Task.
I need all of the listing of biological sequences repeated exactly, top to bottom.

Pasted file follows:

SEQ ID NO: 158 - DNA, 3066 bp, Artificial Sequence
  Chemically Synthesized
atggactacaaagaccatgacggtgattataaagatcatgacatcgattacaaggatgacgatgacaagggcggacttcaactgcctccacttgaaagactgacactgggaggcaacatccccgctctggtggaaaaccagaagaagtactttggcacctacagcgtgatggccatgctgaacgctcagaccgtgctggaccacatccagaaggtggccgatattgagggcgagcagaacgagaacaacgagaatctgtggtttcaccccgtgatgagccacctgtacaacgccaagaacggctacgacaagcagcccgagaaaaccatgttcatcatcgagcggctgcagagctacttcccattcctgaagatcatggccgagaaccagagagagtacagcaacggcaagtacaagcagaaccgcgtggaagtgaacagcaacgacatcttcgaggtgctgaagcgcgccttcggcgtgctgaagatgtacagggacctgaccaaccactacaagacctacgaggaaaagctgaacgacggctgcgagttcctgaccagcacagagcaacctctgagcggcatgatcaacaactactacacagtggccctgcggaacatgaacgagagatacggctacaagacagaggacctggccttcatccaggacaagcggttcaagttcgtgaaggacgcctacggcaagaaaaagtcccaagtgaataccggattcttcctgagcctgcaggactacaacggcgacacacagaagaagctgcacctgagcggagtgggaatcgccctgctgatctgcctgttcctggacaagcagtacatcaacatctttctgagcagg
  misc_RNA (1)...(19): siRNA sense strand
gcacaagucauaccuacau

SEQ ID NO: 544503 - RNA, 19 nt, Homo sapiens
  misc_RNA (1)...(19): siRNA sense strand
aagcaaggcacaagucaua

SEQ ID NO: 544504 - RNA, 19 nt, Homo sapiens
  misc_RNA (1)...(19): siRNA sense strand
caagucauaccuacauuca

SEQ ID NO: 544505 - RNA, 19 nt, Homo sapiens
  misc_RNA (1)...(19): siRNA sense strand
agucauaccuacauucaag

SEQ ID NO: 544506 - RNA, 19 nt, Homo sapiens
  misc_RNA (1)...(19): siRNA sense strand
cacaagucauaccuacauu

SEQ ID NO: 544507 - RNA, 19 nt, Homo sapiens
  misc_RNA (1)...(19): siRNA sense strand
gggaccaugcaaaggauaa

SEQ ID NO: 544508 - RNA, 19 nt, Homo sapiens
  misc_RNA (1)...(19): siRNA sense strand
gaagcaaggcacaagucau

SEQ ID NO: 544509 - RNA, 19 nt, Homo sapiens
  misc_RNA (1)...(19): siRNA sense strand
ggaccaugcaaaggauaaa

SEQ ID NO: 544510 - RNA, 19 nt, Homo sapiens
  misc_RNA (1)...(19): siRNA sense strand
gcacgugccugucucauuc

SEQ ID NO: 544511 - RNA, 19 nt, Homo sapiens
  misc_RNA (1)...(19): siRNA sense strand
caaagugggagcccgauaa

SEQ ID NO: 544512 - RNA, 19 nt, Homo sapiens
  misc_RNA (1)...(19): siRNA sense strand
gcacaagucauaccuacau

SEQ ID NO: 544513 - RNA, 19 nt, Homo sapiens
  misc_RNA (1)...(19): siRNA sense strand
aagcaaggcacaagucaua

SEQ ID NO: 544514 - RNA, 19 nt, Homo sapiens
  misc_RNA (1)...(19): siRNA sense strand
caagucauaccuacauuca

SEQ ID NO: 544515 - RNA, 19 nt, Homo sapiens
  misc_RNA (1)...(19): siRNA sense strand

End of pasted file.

SEQ ID NO: 158 - DNA, 3066 bp, Artificial Sequence
  Chemically Synthesized
atggactacaaagaccatgacggtgattataaagatcatgacatcgattacaaggatgacgatgacaagggcggacttcaactgcctccacttgaaagactgacactgggaggcaacatccccgctctggtggaaaaccagaagaagtactttggcacctacagcgtgatggccatgctgaacgctcagaccgtgctggaccacatccagaaggtggccgatattgagggcgagcagaacgagaacaacgagaatctgtggtttcaccccgtgatgagccacctgtacaacgccaagaacggctacgacaagcagcccgagaaaaccatgttcatcatcgagcggctgcagagctacttcccattcctgaagatcatggccgagaaccagagagagtacagcaacggcaagtacaagcagaaccgcgtggaagtgaacagcaacgacatcttcgaggtgctgaagcgcgccttcggcgtgctgaagatgtacagggacctgaccaaccactacaagacctacgaggaaaagctgaacgacggctgcgagttcctgaccagcacagagcaacctctgagcggcatgatcaacaactactacacagtggccctgcggaacatgaacgagagatacggctacaagacagaggacctggccttcatccaggacaagcggttcaagttcgtgaaggacgcctacggcaagaaaaagtcccaagtgaataccggattcttcctgagcctgcaggactacaacggcgacacacagaagaagctgcacctgagcggagtgggaatcgccctgctgatctgcctgttcctggacaagcagtacatcaacatctttctgagcagg
  misc_RNA (1)...(19): siRNA sense strand
gcacaagucauaccuacau

SEQ ID NO: 544503 - RNA, 19 nt, Homo sapiens
  misc_RNA (1)...(19): siRNA sense strand
aagcaaggcacaagucaua

SEQ ID NO: 544504 - RNA, 19 nt, Homo sapiens
  misc_RNA (1)...(19): siRNA sense strand
caagucauaccuacauuca

SEQ ID NO: 544505 - RNA, 19 nt, Homo sapiens
  misc_RNA (1)...(19): siRNA sense strand
agucauaccuacauucaag

SEQ ID NO: 544506 - RNA, 19 nt, Homo sapiens
  misc_RNA (1)...(19): siRNA sense strand
cacaagucauaccuacauu

SEQ ID NO: 544507 - RNA, 19 nt, Homo sapiens
  misc_RNA (1)...(19): siRNA sense strand
gggaccaugcaaaggauaa

SEQ ID NO: 544508 - RNA, 19 nt, Homo sapiens
  misc_RNA (1)...(19): siRNA sense strand
gaagcaaggcacaagucau

SEQ ID NO: 544509 - RNA, 19 nt, Homo sapiens
  misc_RNA (1)...(19): siRNA sense strand
ggaccaugcaaaggauaaa

SEQ ID NO: 544510 - RNA, 19 nt, Homo sapiens
  misc_RNA (1)...(19): siRNA sense strand
gcacgugccugucucauuc

SEQ ID NO: 544511 - RNA, 19 nt, Homo sapiens
  misc_RNA (1)...(19): siRNA sense strand
caaagugggagcccgauaa

SEQ ID NO: 544512 - RNA, 19 nt, Homo sapiens
  misc_RNA (1)...(19): siRNA sense strand
gcacaagucauaccuacau

SEQ ID NO: 544513 - RNA, 19 nt, Homo sapiens
  misc_RNA (1)...(19): siRNA sense strand
aagcaaggcacaagucaua

SEQ ID NO: 544514 - RNA, 19 nt, Homo sapiens
  misc_RNA (1)...(19): siRNA sense strand
caagucauaccuacauuca

SEQ ID NO: 544515 - RNA, 19 nt, Homo sapiens
  misc_RNA (1)...(19): siRNA sense strand